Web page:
Secretary of State Marise Payne said she was "very worried" about reports by Australian officials following their last monthly consular visit to Yang, who is still in detention.
"His circumstances of detention embody elevated isolation from the surface world, with restrictions on his communications with household and mates, and the resumption of every day interrogation, together with whereas shackled", Payne stated in an emailed assertion.
SYDNEY-Australia on Monday criticized the treatment of a Chinese-born Australian writer detained by Beijing for nearly a year and called for more details on his case.
Morrison shared Payne's concern for Yang.More news: Defiant Mark Zuckerberg defends Facebook policy to allow false ads
The legal defence of Yang, a blogger and activist in favour of democracy in China, denounced that the authorities were subjecting him to this mistreatment to coerce him to confess to charges of espionage, which is punishable by death.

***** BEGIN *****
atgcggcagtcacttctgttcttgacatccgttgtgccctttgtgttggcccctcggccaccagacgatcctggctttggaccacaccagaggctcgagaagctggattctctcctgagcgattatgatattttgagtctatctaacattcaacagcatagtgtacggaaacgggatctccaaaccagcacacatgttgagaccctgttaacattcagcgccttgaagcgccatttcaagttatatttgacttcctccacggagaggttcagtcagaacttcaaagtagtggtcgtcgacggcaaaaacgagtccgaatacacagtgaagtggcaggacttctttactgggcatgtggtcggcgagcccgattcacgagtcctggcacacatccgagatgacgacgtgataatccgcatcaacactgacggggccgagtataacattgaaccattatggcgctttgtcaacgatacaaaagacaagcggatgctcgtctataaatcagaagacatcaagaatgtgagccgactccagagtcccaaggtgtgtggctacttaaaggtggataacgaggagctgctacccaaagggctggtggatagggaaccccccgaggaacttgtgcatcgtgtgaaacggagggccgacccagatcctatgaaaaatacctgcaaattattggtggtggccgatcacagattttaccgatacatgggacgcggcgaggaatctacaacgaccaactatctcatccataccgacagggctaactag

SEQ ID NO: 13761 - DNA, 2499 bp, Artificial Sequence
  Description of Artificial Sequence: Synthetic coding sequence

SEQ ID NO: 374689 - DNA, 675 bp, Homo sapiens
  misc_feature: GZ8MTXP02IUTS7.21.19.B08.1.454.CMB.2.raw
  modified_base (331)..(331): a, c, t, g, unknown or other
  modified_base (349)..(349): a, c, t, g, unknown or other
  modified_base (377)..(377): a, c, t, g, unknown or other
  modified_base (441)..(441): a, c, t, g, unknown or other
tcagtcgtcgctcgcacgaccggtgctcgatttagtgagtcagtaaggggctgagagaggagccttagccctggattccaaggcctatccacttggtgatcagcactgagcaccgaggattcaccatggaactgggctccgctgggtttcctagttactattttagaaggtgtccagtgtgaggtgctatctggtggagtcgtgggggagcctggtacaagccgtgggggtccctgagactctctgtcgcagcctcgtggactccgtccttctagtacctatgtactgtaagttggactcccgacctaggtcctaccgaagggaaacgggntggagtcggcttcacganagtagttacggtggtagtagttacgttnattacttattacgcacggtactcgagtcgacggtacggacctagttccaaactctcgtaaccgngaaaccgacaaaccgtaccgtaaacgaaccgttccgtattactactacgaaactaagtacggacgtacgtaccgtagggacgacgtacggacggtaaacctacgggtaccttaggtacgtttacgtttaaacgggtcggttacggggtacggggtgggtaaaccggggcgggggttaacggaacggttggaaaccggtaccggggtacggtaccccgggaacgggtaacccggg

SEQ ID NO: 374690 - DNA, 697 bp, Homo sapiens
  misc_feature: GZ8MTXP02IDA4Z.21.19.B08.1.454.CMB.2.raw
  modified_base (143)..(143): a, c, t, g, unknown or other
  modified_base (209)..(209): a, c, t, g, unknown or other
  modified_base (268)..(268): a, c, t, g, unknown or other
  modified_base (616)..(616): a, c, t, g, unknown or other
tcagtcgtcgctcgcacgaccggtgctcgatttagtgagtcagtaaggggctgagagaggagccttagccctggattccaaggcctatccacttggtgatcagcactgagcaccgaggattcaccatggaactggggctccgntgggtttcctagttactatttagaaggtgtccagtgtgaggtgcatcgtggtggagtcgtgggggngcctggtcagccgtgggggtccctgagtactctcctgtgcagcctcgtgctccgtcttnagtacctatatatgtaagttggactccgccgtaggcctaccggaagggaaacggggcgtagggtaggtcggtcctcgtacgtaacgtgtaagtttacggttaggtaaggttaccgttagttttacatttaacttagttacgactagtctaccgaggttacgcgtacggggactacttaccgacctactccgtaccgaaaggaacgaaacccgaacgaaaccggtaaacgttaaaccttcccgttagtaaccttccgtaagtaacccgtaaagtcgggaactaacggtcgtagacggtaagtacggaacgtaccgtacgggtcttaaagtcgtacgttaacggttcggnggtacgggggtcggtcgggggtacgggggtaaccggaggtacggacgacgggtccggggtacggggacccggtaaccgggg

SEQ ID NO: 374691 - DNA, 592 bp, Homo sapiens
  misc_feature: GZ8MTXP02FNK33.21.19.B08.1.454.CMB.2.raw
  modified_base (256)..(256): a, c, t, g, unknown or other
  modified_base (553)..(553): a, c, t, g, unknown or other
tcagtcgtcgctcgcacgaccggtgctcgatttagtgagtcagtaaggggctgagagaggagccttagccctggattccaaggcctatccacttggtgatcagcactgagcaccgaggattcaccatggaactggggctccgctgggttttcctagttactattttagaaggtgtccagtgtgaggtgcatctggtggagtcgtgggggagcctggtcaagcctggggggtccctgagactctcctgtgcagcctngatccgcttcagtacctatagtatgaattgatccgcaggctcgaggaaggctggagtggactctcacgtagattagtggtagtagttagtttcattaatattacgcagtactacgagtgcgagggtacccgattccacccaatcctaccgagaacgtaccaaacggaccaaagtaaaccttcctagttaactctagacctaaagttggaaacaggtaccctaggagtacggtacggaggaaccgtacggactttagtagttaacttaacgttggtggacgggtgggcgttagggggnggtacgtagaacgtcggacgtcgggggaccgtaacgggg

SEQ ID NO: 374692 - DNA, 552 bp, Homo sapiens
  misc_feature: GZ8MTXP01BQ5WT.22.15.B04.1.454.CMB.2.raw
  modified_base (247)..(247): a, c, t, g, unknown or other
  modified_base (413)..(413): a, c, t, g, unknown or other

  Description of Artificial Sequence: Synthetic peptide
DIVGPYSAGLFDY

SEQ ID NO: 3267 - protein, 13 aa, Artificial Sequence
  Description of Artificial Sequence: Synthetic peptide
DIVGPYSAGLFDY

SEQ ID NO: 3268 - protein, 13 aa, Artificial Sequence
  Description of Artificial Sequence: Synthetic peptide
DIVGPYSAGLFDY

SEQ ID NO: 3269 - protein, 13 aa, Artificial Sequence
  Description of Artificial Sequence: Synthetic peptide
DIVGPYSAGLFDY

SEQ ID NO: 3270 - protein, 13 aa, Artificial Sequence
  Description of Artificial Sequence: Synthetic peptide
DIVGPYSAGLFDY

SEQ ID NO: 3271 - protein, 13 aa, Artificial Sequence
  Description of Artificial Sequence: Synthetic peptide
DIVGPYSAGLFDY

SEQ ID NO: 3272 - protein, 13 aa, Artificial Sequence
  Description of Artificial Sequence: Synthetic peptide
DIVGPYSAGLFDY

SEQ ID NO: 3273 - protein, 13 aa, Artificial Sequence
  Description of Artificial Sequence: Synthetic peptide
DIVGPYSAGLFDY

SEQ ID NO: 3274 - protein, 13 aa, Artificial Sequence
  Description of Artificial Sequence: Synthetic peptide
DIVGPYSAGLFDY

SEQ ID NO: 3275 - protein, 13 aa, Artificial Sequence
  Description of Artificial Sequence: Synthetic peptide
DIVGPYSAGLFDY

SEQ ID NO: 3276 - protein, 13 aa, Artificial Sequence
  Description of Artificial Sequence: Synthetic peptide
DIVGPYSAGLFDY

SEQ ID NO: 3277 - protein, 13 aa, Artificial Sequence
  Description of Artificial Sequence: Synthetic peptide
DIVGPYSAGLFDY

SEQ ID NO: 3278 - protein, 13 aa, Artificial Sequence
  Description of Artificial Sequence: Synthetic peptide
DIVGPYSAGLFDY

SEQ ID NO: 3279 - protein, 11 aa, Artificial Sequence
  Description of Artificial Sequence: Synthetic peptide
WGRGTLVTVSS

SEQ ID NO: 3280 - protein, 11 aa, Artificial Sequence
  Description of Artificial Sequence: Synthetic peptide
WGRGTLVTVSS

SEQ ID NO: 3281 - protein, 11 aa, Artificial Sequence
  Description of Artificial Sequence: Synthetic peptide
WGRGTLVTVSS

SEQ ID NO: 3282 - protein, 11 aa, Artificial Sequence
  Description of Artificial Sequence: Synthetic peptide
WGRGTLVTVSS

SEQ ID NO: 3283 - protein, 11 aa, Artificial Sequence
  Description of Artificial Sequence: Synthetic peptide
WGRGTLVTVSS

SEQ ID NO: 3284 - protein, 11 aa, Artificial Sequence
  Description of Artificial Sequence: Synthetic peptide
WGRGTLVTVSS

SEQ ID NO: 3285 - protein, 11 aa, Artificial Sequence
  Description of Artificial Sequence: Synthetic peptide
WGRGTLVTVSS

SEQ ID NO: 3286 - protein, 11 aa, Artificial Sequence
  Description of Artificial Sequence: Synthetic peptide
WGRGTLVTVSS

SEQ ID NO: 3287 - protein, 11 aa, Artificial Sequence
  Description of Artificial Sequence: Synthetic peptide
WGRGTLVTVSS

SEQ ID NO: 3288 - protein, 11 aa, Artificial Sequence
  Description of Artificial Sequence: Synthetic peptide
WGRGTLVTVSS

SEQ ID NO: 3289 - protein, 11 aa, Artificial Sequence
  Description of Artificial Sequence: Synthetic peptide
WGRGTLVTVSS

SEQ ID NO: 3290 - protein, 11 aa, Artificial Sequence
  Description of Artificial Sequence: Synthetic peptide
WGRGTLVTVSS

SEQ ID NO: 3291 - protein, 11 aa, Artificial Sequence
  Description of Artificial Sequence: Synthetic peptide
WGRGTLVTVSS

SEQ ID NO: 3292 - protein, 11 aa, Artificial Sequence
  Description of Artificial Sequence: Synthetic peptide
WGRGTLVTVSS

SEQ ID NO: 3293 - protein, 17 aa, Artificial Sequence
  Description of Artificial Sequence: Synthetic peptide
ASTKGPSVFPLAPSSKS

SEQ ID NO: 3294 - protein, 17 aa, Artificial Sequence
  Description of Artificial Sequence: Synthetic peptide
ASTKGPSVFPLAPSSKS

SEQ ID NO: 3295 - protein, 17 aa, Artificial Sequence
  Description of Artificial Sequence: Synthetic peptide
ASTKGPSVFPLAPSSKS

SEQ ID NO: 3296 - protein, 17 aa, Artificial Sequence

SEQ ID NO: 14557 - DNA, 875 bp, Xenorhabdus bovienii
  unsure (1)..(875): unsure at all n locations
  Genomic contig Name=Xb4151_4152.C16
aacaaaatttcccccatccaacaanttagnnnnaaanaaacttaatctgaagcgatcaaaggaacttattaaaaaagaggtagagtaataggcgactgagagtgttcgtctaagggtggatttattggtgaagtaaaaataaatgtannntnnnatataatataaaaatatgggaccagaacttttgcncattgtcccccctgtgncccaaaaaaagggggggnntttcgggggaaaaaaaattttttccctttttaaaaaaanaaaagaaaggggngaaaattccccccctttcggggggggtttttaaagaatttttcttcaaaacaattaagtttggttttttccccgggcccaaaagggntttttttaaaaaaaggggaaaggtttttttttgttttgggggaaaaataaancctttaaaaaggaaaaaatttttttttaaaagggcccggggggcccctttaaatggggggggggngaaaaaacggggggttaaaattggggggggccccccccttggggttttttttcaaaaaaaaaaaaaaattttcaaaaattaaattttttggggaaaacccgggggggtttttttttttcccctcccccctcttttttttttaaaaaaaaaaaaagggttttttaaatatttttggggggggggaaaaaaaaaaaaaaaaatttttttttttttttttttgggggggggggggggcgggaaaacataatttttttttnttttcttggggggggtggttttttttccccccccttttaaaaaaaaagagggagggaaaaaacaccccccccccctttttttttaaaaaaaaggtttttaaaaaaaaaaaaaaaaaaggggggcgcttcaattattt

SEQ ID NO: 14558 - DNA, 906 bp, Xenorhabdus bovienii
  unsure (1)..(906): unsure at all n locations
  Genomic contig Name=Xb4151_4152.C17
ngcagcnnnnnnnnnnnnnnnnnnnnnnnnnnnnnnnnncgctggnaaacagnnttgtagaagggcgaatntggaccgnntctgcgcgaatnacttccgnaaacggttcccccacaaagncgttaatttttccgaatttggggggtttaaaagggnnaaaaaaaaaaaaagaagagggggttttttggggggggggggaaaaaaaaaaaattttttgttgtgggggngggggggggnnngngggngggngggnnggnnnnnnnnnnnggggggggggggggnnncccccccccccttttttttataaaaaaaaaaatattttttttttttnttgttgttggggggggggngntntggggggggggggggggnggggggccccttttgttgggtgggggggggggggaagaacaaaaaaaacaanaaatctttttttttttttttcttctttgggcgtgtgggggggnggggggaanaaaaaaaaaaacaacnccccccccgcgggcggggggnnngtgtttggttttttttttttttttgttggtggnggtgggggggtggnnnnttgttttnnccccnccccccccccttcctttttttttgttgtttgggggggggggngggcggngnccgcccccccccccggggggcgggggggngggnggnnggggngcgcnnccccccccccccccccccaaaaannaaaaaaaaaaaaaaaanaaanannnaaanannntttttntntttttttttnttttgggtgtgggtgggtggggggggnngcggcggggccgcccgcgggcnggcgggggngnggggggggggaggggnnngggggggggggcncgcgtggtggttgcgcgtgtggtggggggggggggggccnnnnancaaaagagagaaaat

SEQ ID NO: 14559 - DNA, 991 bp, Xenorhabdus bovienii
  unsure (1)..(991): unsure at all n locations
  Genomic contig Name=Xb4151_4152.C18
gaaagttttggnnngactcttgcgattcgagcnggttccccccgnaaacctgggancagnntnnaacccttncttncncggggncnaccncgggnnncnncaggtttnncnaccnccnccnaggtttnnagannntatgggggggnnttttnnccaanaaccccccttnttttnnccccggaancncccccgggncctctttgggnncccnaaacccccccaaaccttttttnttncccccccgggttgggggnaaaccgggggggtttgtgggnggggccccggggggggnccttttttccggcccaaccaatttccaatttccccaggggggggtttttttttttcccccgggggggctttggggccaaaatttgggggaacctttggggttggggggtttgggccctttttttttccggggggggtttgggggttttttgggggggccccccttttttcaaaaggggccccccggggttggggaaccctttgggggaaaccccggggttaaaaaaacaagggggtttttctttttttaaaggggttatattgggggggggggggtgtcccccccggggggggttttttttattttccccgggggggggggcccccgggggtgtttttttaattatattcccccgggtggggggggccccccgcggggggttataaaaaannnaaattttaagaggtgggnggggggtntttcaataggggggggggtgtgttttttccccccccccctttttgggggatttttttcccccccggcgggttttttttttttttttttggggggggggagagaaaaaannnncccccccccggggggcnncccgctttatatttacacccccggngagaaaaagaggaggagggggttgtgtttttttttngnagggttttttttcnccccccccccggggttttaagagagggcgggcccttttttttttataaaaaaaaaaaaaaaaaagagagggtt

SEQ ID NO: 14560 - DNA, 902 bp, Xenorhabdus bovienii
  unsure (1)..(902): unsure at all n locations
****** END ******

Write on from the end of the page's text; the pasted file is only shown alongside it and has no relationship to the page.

"This has not led to any substantive changes in his treatment", Senator Payne said.
"Our judicial organs deal with the case in accordance with law and we fully guarantee his legitimate rights and interests", foreign ministry spokeswoman Hua Chunying told a daily news briefing in Beijing.
"We will continue to express clearly our expectations towards the Chinese authorities, both in Beijing and Canberra, including the release of Dr. Yang and the fact that he will be treated fairly and personally during his detention", she added.More news: OPEC+ expected to deepen output cuts to 1.5 mln bpd -JPM
"This is unacceptable", she said, adding that repeated requests had been made for Yang to get "basic standards of justice, procedural fairness and humane treatment".
"The most recent consular access was a matter of great concern to me and the Foreign Minister and we will continue to make those representations on behalf of an Australian citizen", he said.
Australia wanted to see clear details of the case against Yang, Morrison has said, and ensure him access to lawyers and family.
Earlier this year, Reuters reported Canberra had determined that Beijing was responsible for a cyber-attack on Australia's parliament and three largest political parties, just months out from an election.More news: Joe Biden makes pitch to rural Iowans with 'No Malarkey' bus tour